HAILEY - Zaney's River Street Coffee is doubly off the beaten path - it's in a small town in Idaho, and it's not even on the main drag.
But when news of the Afghanistan capture of Pfc. Bowe R. Bergdahl hit the national media on Sunday, Zaney's quickly became the town's heart.
Bergdahl, 23, who grew up in Hailey, worked for more than a year as a barista and greeter at Zaney's before enlisting in the U.S. Army. He was captured by the Taliban June 30, after reportedly walking away from his base unarmed.
By noon on Monday, bouquets were beginning to appear at Zaney's, and yellow ribbons and yellow signs reading "Bring Bowe Home" sprang up on trees and business windows throughout Hailey and Ketchum. Zaney's owner, Sue Martin, said she and other close friends of the family had known about Bergdahl's capture for a few weeks, but at the request of his family and their military advisors, were keeping the news as quiet as they could. They were also keeping the young man in their prayers.
"All you can do is pray for his safe return," said Minna Casser, a neighbor and family friend of the Bergdahls.
Casser said the Bergdahls, who have asked not to be contacted by the media, are grateful for these prayers and the letters and e-mails that have been pouring in.
According to Lt. Col. Tim Marsano of the Idaho National Guard, the military asked that the family keep news of Bergdahl's capture quiet until Sunday.
"The Department of Defense has felt it's been critical to keep this close held so as not to interfere with getting him home safely," Marsano said. He said the military had planned to release Bergdahl's identity prior to the Taliban release of the video. "The two things happened closely together."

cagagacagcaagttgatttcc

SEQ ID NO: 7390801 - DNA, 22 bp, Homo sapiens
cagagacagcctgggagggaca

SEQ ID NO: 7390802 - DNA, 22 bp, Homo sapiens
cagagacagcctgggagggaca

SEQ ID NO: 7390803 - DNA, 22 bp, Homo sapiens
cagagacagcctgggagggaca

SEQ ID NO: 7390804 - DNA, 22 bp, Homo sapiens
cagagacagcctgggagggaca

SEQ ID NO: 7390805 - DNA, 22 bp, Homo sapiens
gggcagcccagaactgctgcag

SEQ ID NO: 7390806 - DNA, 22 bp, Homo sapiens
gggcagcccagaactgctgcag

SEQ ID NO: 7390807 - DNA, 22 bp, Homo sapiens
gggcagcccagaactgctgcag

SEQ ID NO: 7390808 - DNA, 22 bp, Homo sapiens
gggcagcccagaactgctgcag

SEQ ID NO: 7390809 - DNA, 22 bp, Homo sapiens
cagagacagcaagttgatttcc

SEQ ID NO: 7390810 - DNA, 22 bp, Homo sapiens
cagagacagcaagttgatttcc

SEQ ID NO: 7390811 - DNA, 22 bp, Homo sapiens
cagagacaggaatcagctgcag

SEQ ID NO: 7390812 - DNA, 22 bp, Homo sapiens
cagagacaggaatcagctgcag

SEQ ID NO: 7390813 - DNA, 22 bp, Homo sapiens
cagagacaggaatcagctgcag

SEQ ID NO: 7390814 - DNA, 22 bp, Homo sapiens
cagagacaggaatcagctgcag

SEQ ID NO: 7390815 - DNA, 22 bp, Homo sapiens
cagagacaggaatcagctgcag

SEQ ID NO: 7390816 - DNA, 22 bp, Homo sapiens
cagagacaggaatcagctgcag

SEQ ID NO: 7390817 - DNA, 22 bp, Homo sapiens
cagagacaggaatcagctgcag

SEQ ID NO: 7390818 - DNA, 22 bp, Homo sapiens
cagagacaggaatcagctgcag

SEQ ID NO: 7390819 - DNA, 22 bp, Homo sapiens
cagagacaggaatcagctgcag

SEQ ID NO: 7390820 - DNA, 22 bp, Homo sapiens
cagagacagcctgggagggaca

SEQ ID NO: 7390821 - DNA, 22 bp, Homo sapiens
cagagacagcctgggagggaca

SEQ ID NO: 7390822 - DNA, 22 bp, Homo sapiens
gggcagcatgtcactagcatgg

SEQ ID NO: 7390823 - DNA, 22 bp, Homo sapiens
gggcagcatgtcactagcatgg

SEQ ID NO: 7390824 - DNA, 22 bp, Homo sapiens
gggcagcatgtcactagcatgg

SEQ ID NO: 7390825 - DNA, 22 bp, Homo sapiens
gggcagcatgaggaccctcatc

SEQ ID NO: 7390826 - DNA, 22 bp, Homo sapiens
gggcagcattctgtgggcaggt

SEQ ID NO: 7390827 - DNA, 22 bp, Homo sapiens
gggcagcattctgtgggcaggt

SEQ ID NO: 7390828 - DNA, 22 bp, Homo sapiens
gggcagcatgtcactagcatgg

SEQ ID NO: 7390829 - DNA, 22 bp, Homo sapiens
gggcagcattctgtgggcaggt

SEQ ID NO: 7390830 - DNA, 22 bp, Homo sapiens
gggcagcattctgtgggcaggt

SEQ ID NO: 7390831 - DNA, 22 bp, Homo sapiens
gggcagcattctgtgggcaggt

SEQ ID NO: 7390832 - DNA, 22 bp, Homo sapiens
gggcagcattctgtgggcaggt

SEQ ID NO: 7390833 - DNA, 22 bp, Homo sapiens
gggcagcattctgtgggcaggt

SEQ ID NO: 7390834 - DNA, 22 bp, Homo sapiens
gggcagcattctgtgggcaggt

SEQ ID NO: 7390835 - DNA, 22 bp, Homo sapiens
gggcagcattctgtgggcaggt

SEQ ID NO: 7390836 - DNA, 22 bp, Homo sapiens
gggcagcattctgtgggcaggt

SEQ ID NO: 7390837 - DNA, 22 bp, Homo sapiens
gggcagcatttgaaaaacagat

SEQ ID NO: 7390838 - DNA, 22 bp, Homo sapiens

Because information about a captive could be used against him in a hostage-type situation, Bergdahl family friend and Blaine County Sheriff Walt Femling declined to give any details about Bergdahl's background in a press conference Monday.
Other neighbors and friends, with the family's permission, have begun to open up about their memories of Bergdahl before he left for war. Even they are cautious, however, about what they say to the media.
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"It's like the ballet thing, you never know how the Taliban would see such a thing," said Casser, referencing Bergdahl's time studying with the Sun Valley Ballet School. She described him as hardworking and unfailingly polite, always using "ma'am" and "sir," who would regularly ride his bicycle the 15 miles from Hailey to Ketchum and back to work or on other errands. Homeschooled, he was an avid reader, she said, who loved to learn, going so far as to teach himself Russian for fun.
"He wanted to travel and get out into the world," said neighbor Lee Ann Ferris. "He wanted to fight for his country."
The two neighbors said they have been overwhelmed by the media attention to the town as well as the community's response, and cautioned everyone not to make assumptions or guess about the situation, because errors of fact and rumors could be hurtful to Bergdahl and his family.
"His parents don't know more than what the military has told us (publicly)," Casser said.
Hailey, a town used to keeping mum about high-profile celebrities, managed to hold its communal tongue about Bergdahl's capture even as it sought ways to support the family.
Martin, asked by the Bergdahl family to be their spokeswoman when the news broke, suggested that anyone concerned about Bergdahl send a letter or care package to another soldier on the war front. "I think Bowe would appreciate that as well."
Although satellite trucks and microphones remained set up in front of Zaney's, no formal candlelight vigil or other gathering of friends and well-wishers had been planned as of early Monday evening.
Ariel Hansen may be reached at firstname.lastname@example.org or 208-788-3475.